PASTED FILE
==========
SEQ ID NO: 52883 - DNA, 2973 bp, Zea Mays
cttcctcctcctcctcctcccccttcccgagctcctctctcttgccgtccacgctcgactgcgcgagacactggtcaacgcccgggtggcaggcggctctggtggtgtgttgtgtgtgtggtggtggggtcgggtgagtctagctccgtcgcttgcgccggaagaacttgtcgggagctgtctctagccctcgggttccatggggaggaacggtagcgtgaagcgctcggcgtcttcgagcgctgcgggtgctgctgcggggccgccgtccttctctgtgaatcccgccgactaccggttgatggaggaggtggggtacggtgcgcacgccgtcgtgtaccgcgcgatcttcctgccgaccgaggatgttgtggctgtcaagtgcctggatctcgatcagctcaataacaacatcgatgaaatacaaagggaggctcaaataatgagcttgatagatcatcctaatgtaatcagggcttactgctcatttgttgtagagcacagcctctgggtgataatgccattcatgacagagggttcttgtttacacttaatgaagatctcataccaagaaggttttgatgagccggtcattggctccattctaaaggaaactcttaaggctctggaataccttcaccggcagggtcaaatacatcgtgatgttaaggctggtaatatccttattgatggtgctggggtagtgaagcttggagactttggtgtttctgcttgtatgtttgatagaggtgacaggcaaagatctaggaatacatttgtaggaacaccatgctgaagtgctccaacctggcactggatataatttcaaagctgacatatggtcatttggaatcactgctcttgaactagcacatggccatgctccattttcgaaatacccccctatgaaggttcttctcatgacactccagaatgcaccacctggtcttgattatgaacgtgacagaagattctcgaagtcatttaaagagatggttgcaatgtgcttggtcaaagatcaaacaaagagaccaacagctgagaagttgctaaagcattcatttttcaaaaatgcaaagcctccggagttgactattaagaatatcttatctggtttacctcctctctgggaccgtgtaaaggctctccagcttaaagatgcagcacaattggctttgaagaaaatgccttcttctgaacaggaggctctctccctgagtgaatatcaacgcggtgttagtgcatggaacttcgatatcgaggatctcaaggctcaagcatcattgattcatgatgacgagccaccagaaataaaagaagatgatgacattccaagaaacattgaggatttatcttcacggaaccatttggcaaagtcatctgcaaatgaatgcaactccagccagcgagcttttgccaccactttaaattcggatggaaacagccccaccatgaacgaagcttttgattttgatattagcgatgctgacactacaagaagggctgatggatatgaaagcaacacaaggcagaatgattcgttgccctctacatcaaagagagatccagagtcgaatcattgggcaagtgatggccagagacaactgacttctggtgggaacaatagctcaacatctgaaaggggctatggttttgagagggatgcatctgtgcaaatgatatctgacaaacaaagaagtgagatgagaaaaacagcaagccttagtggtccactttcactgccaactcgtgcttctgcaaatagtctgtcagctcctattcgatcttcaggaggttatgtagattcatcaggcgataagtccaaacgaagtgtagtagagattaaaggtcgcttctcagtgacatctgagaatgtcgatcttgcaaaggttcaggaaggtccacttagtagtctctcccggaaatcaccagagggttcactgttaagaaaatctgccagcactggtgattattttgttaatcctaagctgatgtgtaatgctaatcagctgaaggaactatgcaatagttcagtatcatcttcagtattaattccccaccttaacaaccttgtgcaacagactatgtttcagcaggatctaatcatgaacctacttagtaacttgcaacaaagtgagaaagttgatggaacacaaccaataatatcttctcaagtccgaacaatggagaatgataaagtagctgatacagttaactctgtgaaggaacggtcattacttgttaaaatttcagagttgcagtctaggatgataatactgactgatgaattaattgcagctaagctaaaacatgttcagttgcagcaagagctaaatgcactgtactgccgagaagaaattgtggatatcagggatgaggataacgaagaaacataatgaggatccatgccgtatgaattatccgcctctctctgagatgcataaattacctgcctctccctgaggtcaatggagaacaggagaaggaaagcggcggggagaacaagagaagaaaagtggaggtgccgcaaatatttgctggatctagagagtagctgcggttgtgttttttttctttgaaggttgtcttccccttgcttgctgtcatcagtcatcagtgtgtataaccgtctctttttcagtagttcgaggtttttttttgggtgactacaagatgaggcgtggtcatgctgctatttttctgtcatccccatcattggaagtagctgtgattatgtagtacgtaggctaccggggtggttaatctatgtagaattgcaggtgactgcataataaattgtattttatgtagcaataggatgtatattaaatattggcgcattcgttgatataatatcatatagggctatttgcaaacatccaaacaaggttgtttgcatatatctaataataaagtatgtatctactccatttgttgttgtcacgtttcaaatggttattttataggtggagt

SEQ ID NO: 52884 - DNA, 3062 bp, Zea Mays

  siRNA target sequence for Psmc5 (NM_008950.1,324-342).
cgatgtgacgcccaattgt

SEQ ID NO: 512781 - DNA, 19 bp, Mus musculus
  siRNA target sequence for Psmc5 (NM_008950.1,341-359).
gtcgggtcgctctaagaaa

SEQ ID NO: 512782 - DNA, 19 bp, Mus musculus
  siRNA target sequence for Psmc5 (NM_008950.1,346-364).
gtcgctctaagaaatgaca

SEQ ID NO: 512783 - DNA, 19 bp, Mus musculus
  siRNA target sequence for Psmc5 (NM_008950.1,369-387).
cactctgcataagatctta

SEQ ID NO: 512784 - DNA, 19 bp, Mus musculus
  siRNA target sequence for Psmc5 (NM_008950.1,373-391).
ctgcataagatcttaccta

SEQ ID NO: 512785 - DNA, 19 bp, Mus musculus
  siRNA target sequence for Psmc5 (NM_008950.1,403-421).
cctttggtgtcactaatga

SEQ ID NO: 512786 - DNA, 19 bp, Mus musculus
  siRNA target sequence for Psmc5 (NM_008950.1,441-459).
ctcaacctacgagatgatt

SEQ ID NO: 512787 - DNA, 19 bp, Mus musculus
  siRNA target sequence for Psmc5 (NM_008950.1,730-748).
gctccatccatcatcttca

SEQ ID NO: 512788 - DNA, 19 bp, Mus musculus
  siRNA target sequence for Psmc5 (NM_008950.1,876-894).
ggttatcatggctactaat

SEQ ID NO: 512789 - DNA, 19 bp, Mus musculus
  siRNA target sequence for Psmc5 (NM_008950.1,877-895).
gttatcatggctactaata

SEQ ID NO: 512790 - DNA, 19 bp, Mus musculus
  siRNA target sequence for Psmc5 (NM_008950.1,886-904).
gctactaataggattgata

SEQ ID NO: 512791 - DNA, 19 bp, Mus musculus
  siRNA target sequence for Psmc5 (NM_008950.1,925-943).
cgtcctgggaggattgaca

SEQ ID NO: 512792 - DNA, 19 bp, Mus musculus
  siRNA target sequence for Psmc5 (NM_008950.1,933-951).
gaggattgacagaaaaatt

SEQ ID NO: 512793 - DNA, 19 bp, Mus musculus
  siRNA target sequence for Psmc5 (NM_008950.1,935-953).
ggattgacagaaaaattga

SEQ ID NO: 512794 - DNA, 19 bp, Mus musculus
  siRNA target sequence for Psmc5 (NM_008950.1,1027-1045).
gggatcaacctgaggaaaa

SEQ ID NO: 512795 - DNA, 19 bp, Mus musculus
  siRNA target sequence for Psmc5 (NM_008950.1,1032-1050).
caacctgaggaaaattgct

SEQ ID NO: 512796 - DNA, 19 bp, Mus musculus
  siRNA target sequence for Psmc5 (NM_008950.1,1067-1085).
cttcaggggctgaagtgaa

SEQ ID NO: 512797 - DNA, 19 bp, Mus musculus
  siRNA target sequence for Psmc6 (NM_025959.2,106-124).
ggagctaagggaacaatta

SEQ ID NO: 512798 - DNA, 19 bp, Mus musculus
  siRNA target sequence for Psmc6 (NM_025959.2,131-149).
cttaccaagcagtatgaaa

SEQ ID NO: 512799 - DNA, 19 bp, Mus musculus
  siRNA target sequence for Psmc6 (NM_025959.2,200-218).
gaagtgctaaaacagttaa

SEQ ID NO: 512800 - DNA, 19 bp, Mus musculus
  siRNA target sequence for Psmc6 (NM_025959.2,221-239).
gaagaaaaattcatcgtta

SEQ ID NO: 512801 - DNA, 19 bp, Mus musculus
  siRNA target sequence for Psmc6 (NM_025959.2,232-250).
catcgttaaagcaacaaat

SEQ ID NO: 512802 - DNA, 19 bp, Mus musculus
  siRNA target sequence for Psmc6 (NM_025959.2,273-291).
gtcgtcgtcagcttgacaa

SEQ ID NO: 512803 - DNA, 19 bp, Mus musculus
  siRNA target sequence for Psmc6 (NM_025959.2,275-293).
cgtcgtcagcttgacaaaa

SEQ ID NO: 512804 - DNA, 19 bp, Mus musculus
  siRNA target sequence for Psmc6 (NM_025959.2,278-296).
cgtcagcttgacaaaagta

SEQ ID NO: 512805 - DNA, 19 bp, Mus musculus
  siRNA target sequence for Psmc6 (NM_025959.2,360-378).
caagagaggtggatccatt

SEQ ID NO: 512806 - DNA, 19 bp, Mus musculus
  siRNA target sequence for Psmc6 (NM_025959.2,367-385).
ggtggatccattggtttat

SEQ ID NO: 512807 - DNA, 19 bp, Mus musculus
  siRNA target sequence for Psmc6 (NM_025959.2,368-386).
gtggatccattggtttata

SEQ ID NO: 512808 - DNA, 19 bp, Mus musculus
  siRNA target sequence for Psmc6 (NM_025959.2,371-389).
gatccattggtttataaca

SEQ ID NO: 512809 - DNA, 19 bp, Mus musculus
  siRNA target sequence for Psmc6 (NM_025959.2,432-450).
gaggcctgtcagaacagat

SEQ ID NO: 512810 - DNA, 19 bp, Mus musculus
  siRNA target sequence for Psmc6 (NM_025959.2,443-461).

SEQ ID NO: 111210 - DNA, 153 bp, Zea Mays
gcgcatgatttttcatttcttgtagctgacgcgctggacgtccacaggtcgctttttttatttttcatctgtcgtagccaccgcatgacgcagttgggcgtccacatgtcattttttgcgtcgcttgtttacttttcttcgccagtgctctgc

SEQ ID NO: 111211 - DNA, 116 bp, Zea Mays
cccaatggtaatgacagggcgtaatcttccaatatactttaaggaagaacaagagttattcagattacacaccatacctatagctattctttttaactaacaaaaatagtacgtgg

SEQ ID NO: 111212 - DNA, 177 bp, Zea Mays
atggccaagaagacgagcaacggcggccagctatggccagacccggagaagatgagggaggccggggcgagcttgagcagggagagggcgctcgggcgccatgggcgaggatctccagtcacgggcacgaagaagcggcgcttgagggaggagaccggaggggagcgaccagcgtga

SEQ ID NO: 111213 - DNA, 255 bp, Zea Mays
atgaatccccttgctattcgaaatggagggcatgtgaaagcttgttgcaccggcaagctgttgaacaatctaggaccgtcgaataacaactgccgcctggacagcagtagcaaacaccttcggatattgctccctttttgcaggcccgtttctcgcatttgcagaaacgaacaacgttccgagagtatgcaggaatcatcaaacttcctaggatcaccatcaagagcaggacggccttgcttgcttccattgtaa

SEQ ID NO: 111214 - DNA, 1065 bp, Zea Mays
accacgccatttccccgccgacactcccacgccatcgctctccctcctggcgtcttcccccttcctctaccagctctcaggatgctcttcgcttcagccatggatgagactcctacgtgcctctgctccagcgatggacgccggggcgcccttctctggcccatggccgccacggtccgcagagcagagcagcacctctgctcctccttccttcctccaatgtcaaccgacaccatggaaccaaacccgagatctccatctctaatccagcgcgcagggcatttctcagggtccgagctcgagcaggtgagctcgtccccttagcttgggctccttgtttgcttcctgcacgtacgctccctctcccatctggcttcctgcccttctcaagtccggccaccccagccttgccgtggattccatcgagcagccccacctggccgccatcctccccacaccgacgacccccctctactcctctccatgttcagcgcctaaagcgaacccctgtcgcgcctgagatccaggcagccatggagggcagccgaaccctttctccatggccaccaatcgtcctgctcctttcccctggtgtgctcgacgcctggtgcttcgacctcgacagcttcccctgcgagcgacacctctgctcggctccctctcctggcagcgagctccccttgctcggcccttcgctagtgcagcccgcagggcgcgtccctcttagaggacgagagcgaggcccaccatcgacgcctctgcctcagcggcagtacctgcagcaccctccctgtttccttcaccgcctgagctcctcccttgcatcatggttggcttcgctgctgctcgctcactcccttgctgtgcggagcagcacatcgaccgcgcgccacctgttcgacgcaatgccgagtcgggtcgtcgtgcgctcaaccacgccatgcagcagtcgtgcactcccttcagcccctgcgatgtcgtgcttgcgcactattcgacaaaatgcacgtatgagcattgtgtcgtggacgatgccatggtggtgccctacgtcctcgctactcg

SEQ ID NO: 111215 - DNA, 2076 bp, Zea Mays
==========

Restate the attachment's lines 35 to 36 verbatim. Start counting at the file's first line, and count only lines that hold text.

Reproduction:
gctactaataggattgata

SEQ ID NO: 512791 - DNA, 19 bp, Mus musculus